Design for 3D Printing

May 5, 2024

Here is an article written by our engineering team that will guide you through the design requirements and guidelines of the most prominently emerging fabrication processes: 3D Printing.

From 1984 when Charles Hull created the world’s first working 3D printer, the technology has gained a tremendous amount of momentum and 3D printers have found their way into an immense number of industries. This could be attributed to the drastic decrease in additive manufacturing (AM) costs.

At Factorem, we offer a plethora of additive manufacturing technologies and materials! And this whitepaper will guide you through the general guidelines to follow when designing a part to be 3D printed.

1. Product Design with Additive Manufacturing

3D printing a part offers significant advantages over traditional fabrication processes.

  • Additive manufacturing offers decentralized manufacturing capabilities due to the portability and compactness of the 3D printers.
    • This reduces logistical expenses and helps reduce the environmental impact of the process.
  • Allows for low volume production without high start-up costs.
  • Facilitates redesigning without high lead times and cost penalties.

Beyond the production advantages, additive manufacturing is not only transforming how industries manufacture, operate and distribute goods, but also is changing the manufacturing consumer experience.

Do take some time to read our whitepaper on 3D Printing Technologies to determine what method suits your prototyping needs here: 3D Printing Technologies.

2. Design for AM — SLA

Fabrication of parts using SLA (Stereolithography) is a type of drawing on the liquid surface of the resin, therefore features that are not directly above a particular layer will require support structures. These will need to be removed during post processing.

Parts manufactured using SLA will exhibit the staircase effect especially at curved or inclined surfaces. As this affects quality, there should be some emphasis on the orientation to be faced up to minimize this effect. Other orientation dependent factors that will need to be accounted for would be anisotropic characteristics, shrinkage, build time, trapped uncured material and nesting.

SLA Printed Part
SLA Printed Part

The post processing of SLA printed parts includes draining all the excess liquid resin. Minimizing narrow passages in the design would negate the risk of liquid getting stranded in narrow passages or niches and solidifying.

Overall, when choosing to fabricate a part using SLA, the constraints that need to be considered are part size to fit in the desired machines, feature size with respect to layer size, type of resin, layer thickness, support removal and secondary processes.

3. Design for AM — SLS

SLS (Selective Laser Sintering) is one of the most straightforward types of additive manufacturing widely available in the status quo. As one of the main value propositions of SLS printing is the wide range of materials available, emphasis must be put into the choice of material during the part design. Despite the common usage of nylon materials for SLS, most available materials are offered by the equipment manufacturers. As such, the SLS machine would, to a certain extent, dictate the choices of materials that can be used.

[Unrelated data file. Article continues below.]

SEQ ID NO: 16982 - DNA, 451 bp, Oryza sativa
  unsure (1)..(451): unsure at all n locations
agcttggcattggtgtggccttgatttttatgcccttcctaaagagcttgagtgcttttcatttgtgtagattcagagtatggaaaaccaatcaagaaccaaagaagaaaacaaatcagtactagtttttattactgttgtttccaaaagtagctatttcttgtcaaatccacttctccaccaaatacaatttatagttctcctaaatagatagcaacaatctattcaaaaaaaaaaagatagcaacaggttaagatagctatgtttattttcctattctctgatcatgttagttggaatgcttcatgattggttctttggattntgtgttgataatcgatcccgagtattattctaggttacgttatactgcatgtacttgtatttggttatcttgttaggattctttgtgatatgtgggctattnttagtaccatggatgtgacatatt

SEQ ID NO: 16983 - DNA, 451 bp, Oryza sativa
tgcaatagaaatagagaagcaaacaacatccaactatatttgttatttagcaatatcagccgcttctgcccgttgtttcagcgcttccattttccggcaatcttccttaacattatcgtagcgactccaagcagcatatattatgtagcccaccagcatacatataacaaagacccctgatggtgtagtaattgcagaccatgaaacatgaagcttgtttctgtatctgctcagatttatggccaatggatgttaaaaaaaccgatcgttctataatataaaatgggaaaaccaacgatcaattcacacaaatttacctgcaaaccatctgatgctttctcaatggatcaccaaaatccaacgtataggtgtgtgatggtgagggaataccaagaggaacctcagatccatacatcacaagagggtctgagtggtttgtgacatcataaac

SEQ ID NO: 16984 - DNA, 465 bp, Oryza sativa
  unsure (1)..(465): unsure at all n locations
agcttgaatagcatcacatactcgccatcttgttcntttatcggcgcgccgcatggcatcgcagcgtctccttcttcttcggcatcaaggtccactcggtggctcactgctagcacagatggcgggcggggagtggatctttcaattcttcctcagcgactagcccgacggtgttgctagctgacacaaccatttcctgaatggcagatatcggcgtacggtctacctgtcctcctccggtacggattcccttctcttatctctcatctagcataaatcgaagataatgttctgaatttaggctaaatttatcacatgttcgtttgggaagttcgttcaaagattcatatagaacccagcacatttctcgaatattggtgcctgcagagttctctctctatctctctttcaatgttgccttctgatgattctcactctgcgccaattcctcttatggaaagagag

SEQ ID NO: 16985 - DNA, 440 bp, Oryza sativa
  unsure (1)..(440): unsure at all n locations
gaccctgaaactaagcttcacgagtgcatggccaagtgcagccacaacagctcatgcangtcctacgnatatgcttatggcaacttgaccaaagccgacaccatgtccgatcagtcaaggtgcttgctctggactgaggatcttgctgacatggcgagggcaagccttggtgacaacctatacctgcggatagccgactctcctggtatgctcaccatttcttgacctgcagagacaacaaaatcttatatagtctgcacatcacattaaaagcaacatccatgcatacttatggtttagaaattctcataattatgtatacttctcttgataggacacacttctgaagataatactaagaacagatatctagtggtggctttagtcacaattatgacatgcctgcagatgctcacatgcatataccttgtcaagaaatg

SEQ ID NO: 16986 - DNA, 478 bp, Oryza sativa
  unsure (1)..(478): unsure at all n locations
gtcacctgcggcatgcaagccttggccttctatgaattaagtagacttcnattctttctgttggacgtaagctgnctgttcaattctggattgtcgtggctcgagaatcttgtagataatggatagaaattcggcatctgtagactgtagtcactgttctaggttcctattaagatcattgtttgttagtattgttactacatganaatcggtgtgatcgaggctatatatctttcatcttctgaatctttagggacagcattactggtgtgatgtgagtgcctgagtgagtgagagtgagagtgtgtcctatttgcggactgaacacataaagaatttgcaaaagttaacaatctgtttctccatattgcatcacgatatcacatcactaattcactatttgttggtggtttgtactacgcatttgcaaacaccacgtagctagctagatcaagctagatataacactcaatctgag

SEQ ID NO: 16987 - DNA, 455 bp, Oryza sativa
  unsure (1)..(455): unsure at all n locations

SLS Printed Part
SLS Printed Part

SLS is best suited for parts with significant material properties. As they do not need support material, SLS is ideal to create complex geometries with inaccessible internal features.

4. Design for AM — FDM

FDM (Fused Deposition Modelling) prints by molten plastic extrusion that hardens layer by layer forming a solid part. The resolution at which the part is printed must be chosen well in advance as the nozzle cannot be changed during the print. Overhanging and isolated features required support material when printed through FDM as well. However, the higher end FDM machines offer a water-soluble material that can be easily removed using an agitated bath.

FDM Printed Part
FDM Printed Part

Overall, FDM is suitable for parts that need to be stronger compared to SLA at the expense of sharpness and surface finish. Over the years of development, the print speed of FDM machines have improved over 500%. New developments have focused on including metals, ceramics and other useful materials into FDM printing.

5. Conclusion

When designing a component, the design goals and features would be critical in identifying the additive manufacturing technology to utilize and the materials to choose from. The desired surface finishing also plays a role in this decision making. While sintered parts would have a grainy texture, FDM fabricated parts would have a ribbed appearance.

The commonly chosen technologies were discussed in this whitepaper, however additive manufacturing encompasses a wider range of methods. While the general guidelines for a 3D printed part design was discussed, each method has its own strengths in different print materials, speeds and finishes. Do keep a lookout for future articles by Factorem and follow us on our journey to #HelpMakersMake.

If you’d like to know more about the manufacturing methods and materials discussed in this paper, do take some time to read our whitepapers published on the following topics available here:

Prototyping Materials

Surface Finishing for Metal and 3D Printed Parts

Tolerance Guidelines for Sheet Metal Design

3D Printing Technologies

Drafting technical drawings for CNC Fabrication

Factorem’s ISO 2768 Machining Guidelines

Factorem’s Welding Whitepaper

Carbon Fibre Design Guidelines

Dowel Pin Tolerance and Fit Standards